Friday 23rd November 2018 Issue No 2313


Sparks Flew at Historic Assynt’s twentieth birthday

Assynt’s community sculpture is well on the way to completion after a dramatic event at Glencanisp when Assynt Foundation’s artist in residence Julia Cowie demonstrated Iron Age metal production with sparks flying. After dark, a furnace was set up, copper was smelted and alloyed with tin, and the resulting molten bronze was poured into moulds to form casts of designs created by local people. Everyone present was invited to help with pumping the huge leather bellows to keep the fire blazing.

Gordon Sleight, chairman of Historic Assynt said, ‘This artist residency has been an inspiring addition to our explorations of Clachtoll broch.  Julia’s furnace was built with local sand mixed with clay and horse dung and fired with locally-made charcoal. The designs have been carved into local beeswax by a range of local children, adults and dig volunteers, so there is now real understanding of how metal objects could have been made by people here back in the Iron Age. We look forward to seeing the final artwork in situ. We’re grateful to Assynt Foundation for hosting this event and making the artist residency possible.’ The bronzes will be installed by Julia in bedrock close to Clachtoll Broch.

The bronze-casting event on Friday 16 November 2018 was part of the twentieth birthday celebrations for Historic Assynt, the community history and archaeology group. As well as metal work, there was a chance to  enjoy some Iron Age food in the form of barley and oat bannocks and soup, followed by a talk by Historic Assynt chairman, Gordon Sleight, entitled ‘Discoveries and Puzzles in Assynt’s Past’, rounding up some of the highlights of the group’s work over the decades.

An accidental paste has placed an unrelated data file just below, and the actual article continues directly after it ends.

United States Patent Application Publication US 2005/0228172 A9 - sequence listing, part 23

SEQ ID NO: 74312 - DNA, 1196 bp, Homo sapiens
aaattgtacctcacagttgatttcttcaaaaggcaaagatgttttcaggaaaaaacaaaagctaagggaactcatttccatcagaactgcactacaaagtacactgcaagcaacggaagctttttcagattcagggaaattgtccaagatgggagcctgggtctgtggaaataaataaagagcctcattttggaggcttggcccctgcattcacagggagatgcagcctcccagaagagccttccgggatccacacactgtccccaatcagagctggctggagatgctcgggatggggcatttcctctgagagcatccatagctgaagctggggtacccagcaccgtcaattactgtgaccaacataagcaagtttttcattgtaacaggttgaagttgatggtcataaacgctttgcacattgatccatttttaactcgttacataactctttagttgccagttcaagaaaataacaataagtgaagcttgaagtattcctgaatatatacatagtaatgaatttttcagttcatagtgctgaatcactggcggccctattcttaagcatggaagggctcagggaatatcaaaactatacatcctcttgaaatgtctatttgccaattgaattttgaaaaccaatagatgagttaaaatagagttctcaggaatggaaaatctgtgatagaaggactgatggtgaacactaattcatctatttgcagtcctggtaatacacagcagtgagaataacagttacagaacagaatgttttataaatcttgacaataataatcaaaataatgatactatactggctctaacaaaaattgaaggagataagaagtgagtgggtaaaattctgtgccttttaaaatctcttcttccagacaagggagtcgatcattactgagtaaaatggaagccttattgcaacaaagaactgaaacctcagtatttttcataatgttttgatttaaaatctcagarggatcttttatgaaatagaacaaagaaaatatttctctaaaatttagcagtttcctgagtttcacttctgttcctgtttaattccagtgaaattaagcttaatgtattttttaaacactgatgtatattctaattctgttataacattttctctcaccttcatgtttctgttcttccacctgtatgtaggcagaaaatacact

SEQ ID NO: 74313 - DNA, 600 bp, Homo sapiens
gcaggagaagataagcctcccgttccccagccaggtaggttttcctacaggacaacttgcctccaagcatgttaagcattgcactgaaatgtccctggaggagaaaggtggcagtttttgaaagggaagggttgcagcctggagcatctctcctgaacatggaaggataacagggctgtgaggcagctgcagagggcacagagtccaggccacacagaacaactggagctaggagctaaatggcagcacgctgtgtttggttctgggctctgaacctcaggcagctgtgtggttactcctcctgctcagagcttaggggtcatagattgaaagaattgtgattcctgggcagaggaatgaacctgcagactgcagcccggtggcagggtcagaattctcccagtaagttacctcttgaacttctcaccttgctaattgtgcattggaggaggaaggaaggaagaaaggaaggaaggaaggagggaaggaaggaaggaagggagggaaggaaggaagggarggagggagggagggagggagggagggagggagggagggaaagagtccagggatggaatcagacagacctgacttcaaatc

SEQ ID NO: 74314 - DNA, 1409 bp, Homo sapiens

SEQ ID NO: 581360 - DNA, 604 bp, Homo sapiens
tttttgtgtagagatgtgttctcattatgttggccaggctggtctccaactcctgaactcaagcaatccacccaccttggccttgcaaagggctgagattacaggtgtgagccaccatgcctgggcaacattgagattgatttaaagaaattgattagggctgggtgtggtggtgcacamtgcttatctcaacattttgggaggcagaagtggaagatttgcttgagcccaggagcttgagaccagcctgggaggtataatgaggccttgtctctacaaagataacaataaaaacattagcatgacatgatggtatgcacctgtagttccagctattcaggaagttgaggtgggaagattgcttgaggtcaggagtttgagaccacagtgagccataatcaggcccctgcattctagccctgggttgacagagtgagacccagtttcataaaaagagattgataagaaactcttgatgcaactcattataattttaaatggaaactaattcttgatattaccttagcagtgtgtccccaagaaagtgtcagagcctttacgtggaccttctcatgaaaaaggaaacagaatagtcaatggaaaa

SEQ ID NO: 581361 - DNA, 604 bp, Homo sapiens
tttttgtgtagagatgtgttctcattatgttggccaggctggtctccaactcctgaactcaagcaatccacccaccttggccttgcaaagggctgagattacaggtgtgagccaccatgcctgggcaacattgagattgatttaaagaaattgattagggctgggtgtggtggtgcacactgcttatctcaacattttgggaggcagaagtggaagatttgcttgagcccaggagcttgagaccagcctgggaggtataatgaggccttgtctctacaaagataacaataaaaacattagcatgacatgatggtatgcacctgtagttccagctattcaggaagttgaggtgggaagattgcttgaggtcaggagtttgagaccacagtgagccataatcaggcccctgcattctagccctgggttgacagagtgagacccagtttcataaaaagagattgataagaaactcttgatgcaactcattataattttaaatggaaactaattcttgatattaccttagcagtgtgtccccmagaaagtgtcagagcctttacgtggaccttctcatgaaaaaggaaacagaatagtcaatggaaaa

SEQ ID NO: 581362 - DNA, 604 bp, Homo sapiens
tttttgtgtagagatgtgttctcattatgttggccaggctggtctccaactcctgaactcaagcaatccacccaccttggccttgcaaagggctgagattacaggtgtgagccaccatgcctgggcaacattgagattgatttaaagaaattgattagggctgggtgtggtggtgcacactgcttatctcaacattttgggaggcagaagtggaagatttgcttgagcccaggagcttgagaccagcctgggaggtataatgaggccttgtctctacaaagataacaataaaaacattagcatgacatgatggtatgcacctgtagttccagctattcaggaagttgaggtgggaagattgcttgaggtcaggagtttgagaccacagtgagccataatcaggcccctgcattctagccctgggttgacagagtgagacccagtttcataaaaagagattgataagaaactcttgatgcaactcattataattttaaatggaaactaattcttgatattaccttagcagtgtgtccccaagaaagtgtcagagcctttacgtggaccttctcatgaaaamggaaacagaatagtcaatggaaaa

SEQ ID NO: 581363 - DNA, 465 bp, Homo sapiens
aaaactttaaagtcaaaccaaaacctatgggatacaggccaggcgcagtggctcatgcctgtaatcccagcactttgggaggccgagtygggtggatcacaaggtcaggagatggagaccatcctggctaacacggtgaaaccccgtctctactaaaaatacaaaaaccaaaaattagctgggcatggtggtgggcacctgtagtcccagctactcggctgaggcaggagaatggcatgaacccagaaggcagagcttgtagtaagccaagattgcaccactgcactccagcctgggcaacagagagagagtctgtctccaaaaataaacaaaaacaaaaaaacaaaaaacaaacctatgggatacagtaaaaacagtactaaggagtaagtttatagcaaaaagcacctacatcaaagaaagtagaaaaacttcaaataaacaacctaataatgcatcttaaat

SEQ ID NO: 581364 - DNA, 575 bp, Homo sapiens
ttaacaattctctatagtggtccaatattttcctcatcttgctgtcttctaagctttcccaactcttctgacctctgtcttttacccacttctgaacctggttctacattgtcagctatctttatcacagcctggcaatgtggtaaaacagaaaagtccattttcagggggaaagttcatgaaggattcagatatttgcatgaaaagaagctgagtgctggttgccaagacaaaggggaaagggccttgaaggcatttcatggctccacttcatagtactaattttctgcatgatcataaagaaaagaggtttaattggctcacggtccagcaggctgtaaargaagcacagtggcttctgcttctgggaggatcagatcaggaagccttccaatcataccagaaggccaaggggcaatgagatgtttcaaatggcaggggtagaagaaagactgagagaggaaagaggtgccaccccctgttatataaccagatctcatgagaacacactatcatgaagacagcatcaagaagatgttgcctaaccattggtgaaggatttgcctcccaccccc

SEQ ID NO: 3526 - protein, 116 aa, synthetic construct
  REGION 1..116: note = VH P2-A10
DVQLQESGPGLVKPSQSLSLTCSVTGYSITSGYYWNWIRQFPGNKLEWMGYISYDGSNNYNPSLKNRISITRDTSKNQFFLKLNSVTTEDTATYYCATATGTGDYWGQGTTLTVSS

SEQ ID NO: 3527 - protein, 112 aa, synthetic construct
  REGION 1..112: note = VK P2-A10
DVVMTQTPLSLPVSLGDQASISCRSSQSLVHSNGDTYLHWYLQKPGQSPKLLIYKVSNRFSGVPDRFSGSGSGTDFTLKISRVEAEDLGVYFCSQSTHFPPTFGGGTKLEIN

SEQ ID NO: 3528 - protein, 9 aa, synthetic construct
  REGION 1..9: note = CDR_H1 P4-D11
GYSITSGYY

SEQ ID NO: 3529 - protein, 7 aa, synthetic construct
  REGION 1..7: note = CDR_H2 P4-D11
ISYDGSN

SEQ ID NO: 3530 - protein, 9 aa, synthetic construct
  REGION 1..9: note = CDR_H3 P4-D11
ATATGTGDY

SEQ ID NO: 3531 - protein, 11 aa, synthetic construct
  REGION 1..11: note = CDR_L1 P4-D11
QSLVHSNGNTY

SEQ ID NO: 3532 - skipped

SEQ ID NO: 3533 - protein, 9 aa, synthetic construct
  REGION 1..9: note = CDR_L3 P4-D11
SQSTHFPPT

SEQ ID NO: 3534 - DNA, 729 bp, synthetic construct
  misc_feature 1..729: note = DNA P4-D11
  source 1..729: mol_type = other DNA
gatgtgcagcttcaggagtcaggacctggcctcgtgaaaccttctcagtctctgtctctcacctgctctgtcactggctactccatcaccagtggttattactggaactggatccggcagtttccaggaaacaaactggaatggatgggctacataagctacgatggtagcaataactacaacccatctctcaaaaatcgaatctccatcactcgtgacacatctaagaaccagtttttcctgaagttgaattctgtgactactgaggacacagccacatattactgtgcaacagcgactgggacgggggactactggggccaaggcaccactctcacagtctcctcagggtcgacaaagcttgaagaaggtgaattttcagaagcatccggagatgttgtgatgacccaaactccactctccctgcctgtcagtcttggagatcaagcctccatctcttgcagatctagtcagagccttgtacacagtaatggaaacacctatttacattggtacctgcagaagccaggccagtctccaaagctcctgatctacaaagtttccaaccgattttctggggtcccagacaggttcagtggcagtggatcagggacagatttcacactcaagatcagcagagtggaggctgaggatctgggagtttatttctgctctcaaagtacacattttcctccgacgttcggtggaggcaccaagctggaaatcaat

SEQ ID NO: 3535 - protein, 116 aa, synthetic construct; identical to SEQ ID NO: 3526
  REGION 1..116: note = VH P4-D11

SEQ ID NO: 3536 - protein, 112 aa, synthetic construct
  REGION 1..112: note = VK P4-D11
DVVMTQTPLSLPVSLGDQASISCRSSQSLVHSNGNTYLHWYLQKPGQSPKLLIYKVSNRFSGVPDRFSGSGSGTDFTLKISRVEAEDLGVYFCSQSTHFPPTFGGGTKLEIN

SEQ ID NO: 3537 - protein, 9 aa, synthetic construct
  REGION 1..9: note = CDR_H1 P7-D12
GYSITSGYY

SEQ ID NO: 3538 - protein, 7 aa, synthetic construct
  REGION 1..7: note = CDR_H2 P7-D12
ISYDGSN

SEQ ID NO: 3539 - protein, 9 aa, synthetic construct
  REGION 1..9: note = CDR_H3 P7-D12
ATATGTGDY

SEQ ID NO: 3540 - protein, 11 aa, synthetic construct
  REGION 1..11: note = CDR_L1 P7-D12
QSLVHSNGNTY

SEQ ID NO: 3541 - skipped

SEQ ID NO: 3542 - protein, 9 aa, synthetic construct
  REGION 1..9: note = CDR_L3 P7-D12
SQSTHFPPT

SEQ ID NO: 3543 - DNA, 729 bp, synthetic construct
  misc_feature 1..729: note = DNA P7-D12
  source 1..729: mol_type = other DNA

The birthday events kicked off on Wednesday 14 November in Stoer Village Hall with a slide show and update about the broch project by Graeme Cavers of AOC Archaeology. He emphasised how unique an assemblage of objects has been found, and explained, amongst other things, that the analysis so far is showing that the broch floor was extremely mucky! The floor layers will allow a really rich picture to be established of life inside the broch and its surrounding environment. The audience also enjoyed a talk by AOC’s chairman John Barber about the connections between Assynt’s Neolithic chambered cairns and mounds found from a similar period in Denmark, which have been revealed through research he has undertaken since the 2011 excavation of Loch Borralan East Chambered Cairn, part of the biggest cluster of Neolithic chambered cairns on the Scottish mainland.

These events drew the project to a close for the year, at least in Assynt. Analysis of the finds is ongoing by AOC Archaeology. There will be more events in 2019, including a history books event in March and some more experimental archaeology. The plan is to reconstruct copies of some parts of the broch, including wall, floor and household objects such as mats, fabrics and pots. It will then be burned down to learn more about some of the implications of the broch’s destruction, which was caused by a catastrophic fire and collapse sometime between 100BC and 100 AD.

The broch project is organised by Historic Assynt, a local community organisation. With the assistance of the Scottish Wildlife Trust, Historic Assynt raised around £500,000 to enable the excavation and conservation work to go ahead. The project is part of the Coigach & Assynt Living Landscape Partnership of which the Scottish Wildlife Trust is the lead partner. Funding has been provided thanks to players of the National Lottery through the Heritage Lottery Fund, Historic Environment Scotland, SSE's Sustainable Development Fund, The Pilgrim Trust, Robert Kiln Trust and individual donors.

For more information, contact:   Gordon Sleight, Phone: 01571 855207

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